Taste of death

I was perambulating over my own private cyberscape earlier. Just checking stuff out. It’s what I do because I don’t do much else.

I don’t remember exactly how or why I stumbled across this story from 2007. But I remember it.

It happened on the night, or rather, early morning, of December 9, 2007. Two “executives,” of which there are plenty in the elitistified Hollywood community, were driving home from dinner at 1 in the morning in a Honda Civic headed south on Gower Street through Hollywood. As the Honda drove through the Sunset Boulevard intersection, an Acura travelling about 70 miles per hour slammed into its side, killing the 2 passengers instantly. The Acura was pioneered by a drunk driver who ran the red light well into its stop cycle, about 20 seconds by witness accounts. In other words, the driver, Jose Luis Vargas, 31, didn’t know what he was doing when he should have. He was cruising with a blood alcohol level about 3 times the legal limit when tested an hour after the accident. Responding police immediately arrested him because his inebriety was so apparent.

Riding in the Civic were a couple of young high-flying Hollywood ascending bigwig-adjacent people whose lives and careers were cut tragically short by the drunken Mexican. The driver of the Civic, Samuel Robert Cassel, was a vice president at Scott Rudin Productions, and his passenger was Rhiannon Meier, a Stanford grad and vice president of creative development at Red Wagon Studios, a small firm ensconced within the wide umbrella that is Columbia Tri Star, ie, Sony. Everyone in Hollywood these days works for about 1 of 5 companies. Cassel and Meier were both 28 and were part of that Hollywood striving Mover and Shaker communal up-and-coming elite. They had grand ambitions and undoubtedly lived the esteemed and respectable life of those “above the line.” They were a testament to the proliferation of grandiose titles and positions within the Hollywood corporate power structure where VP titles are as ubiquitous as twelve-dollar lunch salads. They were productive and ambitious young adults, and they might have been going places.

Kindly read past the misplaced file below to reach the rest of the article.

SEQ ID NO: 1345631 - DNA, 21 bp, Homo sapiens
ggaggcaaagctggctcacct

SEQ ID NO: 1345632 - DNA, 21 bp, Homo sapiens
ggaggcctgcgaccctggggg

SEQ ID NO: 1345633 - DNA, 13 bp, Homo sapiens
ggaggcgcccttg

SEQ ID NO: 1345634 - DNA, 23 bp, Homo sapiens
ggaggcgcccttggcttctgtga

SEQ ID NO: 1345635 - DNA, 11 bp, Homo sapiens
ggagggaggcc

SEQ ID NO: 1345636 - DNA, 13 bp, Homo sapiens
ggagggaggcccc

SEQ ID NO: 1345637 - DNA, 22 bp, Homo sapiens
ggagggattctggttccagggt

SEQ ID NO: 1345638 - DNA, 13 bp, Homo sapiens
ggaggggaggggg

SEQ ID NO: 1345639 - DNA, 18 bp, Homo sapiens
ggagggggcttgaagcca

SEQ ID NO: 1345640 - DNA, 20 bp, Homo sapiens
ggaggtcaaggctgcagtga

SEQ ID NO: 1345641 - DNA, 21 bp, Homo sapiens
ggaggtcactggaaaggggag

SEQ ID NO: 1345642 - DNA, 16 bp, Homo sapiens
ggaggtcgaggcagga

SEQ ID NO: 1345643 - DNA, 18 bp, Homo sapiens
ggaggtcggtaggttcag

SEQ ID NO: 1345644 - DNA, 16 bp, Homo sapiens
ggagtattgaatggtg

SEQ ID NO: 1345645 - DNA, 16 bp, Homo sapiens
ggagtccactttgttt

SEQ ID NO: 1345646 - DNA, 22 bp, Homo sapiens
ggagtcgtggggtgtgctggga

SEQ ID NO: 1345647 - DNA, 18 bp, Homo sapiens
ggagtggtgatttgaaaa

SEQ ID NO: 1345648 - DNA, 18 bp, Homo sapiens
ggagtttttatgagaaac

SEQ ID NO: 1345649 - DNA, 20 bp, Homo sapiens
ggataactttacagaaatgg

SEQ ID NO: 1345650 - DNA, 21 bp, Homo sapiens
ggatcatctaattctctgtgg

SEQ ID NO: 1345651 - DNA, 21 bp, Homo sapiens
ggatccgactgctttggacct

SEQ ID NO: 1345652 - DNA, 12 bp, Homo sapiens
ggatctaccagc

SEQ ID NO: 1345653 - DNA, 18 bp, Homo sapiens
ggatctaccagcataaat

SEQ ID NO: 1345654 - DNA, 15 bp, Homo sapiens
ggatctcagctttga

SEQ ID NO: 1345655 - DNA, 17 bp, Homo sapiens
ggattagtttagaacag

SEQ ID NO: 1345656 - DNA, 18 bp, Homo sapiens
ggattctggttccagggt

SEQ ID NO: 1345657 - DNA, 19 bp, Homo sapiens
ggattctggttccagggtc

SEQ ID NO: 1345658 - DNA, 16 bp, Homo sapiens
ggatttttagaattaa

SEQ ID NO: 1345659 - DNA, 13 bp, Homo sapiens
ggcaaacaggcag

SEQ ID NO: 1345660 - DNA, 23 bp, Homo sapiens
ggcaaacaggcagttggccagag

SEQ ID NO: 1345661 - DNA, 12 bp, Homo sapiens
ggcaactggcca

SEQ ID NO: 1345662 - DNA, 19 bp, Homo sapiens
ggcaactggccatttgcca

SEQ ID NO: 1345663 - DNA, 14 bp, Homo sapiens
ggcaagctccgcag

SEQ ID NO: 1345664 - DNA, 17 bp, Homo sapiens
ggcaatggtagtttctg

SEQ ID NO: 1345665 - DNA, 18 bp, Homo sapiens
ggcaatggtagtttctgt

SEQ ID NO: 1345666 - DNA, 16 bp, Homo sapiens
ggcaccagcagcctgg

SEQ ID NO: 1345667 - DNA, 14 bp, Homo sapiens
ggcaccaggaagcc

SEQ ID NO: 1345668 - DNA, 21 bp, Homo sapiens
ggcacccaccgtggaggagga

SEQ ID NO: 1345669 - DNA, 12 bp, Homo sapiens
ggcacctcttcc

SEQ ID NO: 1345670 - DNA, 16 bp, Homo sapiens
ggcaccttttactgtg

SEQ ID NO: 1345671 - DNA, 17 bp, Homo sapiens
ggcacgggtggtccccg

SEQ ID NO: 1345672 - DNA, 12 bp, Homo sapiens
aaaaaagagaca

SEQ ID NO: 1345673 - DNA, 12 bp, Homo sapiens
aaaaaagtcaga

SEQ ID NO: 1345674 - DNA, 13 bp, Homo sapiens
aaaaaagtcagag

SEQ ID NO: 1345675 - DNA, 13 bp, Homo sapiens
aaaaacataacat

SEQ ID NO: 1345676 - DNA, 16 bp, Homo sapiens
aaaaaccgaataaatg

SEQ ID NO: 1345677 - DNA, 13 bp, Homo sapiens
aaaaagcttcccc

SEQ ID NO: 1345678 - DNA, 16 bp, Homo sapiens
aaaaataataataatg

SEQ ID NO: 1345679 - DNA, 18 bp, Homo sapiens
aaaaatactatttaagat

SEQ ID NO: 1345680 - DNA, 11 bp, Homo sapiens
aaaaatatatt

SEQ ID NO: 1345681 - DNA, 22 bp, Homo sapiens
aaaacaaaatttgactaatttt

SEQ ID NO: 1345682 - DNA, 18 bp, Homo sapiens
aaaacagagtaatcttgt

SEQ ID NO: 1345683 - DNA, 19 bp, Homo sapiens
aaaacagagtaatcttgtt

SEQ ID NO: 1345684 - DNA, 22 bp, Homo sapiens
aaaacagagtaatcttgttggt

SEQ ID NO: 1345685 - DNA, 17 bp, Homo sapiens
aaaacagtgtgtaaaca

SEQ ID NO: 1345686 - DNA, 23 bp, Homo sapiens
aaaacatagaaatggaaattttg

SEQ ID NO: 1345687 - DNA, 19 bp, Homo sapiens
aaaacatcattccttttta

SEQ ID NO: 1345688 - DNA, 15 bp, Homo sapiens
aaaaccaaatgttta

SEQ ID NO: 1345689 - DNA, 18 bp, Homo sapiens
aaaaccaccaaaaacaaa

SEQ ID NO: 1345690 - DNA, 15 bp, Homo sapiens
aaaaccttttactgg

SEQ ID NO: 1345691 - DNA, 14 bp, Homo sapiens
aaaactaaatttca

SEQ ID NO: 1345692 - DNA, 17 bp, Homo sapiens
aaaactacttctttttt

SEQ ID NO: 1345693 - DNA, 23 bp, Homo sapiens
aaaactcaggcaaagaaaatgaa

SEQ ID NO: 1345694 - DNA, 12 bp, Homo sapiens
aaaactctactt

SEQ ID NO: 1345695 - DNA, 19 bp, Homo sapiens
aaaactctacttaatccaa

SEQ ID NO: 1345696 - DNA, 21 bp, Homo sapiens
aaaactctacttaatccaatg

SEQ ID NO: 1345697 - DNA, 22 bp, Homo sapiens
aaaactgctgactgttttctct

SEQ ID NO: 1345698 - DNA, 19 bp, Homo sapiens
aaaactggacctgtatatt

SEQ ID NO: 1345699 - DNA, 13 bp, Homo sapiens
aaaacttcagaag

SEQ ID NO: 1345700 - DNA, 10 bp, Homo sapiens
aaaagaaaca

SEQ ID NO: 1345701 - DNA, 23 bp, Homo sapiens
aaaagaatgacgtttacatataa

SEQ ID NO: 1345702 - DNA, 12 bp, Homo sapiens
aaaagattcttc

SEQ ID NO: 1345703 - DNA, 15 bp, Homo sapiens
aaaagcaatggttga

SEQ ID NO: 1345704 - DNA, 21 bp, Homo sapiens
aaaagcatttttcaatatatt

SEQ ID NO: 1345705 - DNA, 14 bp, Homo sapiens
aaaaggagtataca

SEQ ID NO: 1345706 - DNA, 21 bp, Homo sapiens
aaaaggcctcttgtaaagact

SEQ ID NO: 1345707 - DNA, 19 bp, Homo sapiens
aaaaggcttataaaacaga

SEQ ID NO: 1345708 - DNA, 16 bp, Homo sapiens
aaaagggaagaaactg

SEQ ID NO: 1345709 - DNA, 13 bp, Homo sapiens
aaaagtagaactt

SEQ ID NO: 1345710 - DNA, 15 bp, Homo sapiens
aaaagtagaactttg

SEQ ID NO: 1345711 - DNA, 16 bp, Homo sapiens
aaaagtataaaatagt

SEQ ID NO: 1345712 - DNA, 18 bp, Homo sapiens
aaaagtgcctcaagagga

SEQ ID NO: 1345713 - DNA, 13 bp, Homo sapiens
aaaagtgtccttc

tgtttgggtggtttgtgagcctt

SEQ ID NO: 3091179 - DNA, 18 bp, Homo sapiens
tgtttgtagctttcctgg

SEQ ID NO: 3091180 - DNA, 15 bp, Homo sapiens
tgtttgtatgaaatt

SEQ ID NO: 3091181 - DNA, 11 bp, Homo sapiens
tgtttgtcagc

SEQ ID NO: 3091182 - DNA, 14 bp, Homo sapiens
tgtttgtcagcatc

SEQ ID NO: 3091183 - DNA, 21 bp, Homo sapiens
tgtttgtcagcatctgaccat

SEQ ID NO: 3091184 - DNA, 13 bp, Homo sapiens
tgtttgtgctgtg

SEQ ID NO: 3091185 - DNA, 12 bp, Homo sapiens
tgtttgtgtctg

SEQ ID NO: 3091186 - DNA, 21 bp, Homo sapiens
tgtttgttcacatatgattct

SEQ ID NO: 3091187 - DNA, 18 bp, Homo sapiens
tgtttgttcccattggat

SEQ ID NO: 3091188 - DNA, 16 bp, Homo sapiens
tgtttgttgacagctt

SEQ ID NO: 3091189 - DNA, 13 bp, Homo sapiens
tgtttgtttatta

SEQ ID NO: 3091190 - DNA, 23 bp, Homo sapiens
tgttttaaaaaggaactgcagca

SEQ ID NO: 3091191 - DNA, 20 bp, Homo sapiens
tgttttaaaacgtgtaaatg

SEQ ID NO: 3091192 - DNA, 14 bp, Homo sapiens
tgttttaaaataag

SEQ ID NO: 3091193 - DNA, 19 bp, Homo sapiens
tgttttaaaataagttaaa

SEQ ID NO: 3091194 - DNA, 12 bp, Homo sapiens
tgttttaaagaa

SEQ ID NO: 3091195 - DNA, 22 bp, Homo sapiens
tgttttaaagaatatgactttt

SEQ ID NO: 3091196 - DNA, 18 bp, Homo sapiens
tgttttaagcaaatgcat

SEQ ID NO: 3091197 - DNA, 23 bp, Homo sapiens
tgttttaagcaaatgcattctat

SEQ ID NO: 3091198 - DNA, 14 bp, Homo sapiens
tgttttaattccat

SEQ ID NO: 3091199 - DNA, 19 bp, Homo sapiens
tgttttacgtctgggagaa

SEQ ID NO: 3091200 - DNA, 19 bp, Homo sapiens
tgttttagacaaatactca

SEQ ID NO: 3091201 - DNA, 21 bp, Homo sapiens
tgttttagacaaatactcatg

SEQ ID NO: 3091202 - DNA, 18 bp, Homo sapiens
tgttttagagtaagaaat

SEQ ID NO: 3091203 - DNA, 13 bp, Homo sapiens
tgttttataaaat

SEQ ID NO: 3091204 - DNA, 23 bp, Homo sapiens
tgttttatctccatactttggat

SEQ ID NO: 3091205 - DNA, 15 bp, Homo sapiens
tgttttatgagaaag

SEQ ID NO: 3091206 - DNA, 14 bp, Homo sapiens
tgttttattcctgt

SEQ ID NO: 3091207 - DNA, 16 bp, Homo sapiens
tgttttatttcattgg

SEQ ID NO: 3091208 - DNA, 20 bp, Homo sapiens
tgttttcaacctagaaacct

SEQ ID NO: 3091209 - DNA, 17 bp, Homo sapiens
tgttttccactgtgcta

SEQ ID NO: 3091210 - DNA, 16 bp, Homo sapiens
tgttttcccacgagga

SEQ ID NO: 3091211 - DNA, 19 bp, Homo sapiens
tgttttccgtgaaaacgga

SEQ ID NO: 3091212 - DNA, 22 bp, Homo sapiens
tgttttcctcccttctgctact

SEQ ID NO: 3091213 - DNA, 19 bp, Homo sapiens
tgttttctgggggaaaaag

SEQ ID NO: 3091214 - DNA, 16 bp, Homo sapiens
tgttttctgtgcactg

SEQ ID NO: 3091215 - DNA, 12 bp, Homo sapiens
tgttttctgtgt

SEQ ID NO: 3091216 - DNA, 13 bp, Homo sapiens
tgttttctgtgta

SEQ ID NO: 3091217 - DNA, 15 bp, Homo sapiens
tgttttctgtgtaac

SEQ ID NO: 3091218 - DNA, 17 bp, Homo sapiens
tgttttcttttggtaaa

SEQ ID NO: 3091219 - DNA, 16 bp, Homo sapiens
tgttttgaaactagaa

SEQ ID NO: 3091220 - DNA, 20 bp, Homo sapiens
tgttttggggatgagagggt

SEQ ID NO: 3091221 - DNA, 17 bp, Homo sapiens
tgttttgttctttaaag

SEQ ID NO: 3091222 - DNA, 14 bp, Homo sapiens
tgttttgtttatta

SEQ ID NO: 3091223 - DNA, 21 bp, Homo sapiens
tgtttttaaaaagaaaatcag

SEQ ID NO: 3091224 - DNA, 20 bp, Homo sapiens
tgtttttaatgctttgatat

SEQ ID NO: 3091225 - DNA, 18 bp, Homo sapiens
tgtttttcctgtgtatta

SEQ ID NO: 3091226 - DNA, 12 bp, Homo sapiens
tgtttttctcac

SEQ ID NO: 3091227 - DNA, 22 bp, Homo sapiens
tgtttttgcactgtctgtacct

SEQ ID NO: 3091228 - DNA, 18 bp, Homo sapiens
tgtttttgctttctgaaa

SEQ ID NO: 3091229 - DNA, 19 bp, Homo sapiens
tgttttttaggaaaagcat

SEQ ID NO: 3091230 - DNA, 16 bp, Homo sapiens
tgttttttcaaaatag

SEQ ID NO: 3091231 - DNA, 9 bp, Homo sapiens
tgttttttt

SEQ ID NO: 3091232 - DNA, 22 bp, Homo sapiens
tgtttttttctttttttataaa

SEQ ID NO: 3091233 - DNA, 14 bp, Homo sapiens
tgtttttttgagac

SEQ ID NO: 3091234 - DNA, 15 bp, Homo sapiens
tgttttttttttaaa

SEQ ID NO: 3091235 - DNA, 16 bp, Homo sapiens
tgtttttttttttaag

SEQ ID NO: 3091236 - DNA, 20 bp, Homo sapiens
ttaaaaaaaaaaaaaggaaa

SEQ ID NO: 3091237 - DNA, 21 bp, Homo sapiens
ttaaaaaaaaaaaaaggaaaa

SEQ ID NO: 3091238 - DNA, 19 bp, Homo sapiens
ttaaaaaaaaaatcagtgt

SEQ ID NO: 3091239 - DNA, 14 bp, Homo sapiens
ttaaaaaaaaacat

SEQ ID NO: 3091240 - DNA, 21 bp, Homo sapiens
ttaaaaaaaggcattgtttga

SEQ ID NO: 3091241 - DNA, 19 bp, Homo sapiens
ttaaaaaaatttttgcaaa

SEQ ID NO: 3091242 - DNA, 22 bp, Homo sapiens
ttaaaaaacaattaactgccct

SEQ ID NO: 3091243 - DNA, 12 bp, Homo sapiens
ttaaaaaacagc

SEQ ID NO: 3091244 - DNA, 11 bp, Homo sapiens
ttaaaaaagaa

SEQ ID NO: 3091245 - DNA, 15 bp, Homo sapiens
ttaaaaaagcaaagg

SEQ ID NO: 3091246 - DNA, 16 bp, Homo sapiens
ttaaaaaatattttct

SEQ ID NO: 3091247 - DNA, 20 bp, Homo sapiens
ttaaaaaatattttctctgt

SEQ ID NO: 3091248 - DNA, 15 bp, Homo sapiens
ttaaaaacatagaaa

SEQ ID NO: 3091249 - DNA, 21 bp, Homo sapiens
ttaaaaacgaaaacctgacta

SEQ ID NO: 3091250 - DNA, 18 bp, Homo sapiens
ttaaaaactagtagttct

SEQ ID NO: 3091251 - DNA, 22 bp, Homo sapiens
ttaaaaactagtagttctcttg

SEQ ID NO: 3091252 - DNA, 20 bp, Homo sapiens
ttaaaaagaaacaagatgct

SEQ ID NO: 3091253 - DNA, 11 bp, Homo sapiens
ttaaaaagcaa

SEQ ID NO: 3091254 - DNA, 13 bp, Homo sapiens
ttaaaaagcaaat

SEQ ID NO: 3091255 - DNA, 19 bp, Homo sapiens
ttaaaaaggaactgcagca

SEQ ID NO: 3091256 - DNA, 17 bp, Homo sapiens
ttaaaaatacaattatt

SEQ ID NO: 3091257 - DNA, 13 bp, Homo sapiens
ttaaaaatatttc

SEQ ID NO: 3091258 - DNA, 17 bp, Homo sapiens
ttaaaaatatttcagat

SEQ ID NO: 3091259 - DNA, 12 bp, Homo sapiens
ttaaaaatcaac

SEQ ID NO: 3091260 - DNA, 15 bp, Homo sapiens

And then there was Jose Luis Vargas, one of my people. Strangely, there is minimal info of him living on the internet. Who is he, where did he come from, what made him tick. Yeah, enter my people to really fuck up the picture and skew the parade. Vargas was a drunken disaster on par with myself. He had 2 previous DUI convictions, in 1998 and 2004. Vargas was 31 years old when the accident happened and apparently his previous transgressions didn’t do much to remedy his alcoholic, abusive tendencies.

This would be the last time he drove drunk for a while.

On October 9, 2009, Vargas was sentenced to 30 years to life after jurors found him guilty of “two counts of second-degree murder and two counts of gross vehicular manslaughter while intoxicated.”

I remember walking by this intersection the following week and seeing the memorials placed by families honoring the victims of Vargas’ cold thoughtlessness.

I don’t like this town and I despise most of the people who populate it. I blog about it all the time. Yet, it is manned by humans who I find it easy to disregard, but Cassel and Meier never deserved to have their lives lacerated so abruptly by Vargas. Personally, I think people like him should just be hanged, no questions asked. I think that would make the rest of us think twice about doing the shit we did and are doing.

When I ran my car off the road (probably at the same speed), the only victim was a tree. It could have been a person or a group of people in a less fortunate universe. I understand, more than most, the thankless twists of fate that thrust some of us into a life of doom and others into a live of what-ifs. What if that hadn’t just been a tree. When I came out of my coma, the first question I asked was if I had killed anybody. What if someone had been in the car with me? It’s impossible for me to point fingers or castigate in light of my own failings. All I can do at this point in my life is to warn and caution. My preaching has lost substance but my experience has lent me irrefutable wisdom. Listen to me.

I’ve played with fire and won the gamble. You know me, there are two of us in the room. Your odds have just decreased! Yet, I hope you win the gamble because when you do, it means someone survived.

In this life, there is the thinnest line between sanity and madness.
Between respect and infamy.
Between freedom and caution.

I lost my freedom and got it back. How else would I know its sweet taste if not for the taste of death?